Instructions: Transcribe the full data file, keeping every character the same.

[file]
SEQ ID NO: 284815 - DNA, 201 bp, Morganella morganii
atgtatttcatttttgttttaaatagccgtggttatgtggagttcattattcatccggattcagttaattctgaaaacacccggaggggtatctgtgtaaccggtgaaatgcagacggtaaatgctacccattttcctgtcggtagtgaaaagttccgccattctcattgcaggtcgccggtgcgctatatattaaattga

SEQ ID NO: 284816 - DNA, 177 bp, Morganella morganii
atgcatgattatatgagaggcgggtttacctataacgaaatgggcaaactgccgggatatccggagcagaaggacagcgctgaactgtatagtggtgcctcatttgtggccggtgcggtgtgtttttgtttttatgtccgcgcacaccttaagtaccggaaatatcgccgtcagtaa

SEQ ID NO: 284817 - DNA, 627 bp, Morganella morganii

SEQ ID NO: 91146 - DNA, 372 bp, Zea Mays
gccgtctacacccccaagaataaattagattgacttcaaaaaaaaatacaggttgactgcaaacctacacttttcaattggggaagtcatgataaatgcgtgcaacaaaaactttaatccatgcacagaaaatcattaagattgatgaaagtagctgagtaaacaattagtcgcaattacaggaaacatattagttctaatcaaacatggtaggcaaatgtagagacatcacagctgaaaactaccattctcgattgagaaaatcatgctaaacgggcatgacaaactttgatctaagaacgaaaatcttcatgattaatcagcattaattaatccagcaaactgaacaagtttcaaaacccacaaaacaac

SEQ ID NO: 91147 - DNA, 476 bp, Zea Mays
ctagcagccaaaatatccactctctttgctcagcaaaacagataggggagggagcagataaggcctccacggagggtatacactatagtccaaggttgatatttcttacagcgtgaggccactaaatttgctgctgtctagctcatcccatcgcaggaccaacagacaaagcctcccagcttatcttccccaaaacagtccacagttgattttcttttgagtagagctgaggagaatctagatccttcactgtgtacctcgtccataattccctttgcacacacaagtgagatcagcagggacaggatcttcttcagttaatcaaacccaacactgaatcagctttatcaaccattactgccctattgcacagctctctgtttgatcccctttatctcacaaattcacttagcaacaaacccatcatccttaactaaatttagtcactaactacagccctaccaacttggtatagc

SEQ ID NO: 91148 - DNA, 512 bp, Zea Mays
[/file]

SEQ ID NO: 284815 - DNA, 201 bp, Morganella morganii
atgtatttcatttttgttttaaatagccgtggttatgtggagttcattattcatccggattcagttaattctgaaaacacccggaggggtatctgtgtaaccggtgaaatgcagacggtaaatgctacccattttcctgtcggtagtgaaaagttccgccattctcattgcaggtcgccggtgcgctatatattaaattga

SEQ ID NO: 284816 - DNA, 177 bp, Morganella morganii
atgcatgattatatgagaggcgggtttacctataacgaaatgggcaaactgccgggatatccggagcagaaggacagcgctgaactgtatagtggtgcctcatttgtggccggtgcggtgtgtttttgtttttatgtccgcgcacaccttaagtaccggaaatatcgccgtcagtaa

SEQ ID NO: 284817 - DNA, 627 bp, Morganella morganii

SEQ ID NO: 91146 - DNA, 372 bp, Zea Mays
gccgtctacacccccaagaataaattagattgacttcaaaaaaaaatacaggttgactgcaaacctacacttttcaattggggaagtcatgataaatgcgtgcaacaaaaactttaatccatgcacagaaaatcattaagattgatgaaagtagctgagtaaacaattagtcgcaattacaggaaacatattagttctaatcaaacatggtaggcaaatgtagagacatcacagctgaaaactaccattctcgattgagaaaatcatgctaaacgggcatgacaaactttgatctaagaacgaaaatcttcatgattaatcagcattaattaatccagcaaactgaacaagtttcaaaacccacaaaacaac

SEQ ID NO: 91147 - DNA, 476 bp, Zea Mays
ctagcagccaaaatatccactctctttgctcagcaaaacagataggggagggagcagataaggcctccacggagggtatacactatagtccaaggttgatatttcttacagcgtgaggccactaaatttgctgctgtctagctcatcccatcgcaggaccaacagacaaagcctcccagcttatcttccccaaaacagtccacagttgattttcttttgagtagagctgaggagaatctagatccttcactgtgtacctcgtccataattccctttgcacacacaagtgagatcagcagggacaggatcttcttcagttaatcaaacccaacactgaatcagctttatcaaccattactgccctattgcacagctctctgtttgatcccctttatctcacaaattcacttagcaacaaacccatcatccttaactaaatttagtcactaactacagccctaccaacttggtatagc

SEQ ID NO: 91148 - DNA, 512 bp, Zea Mays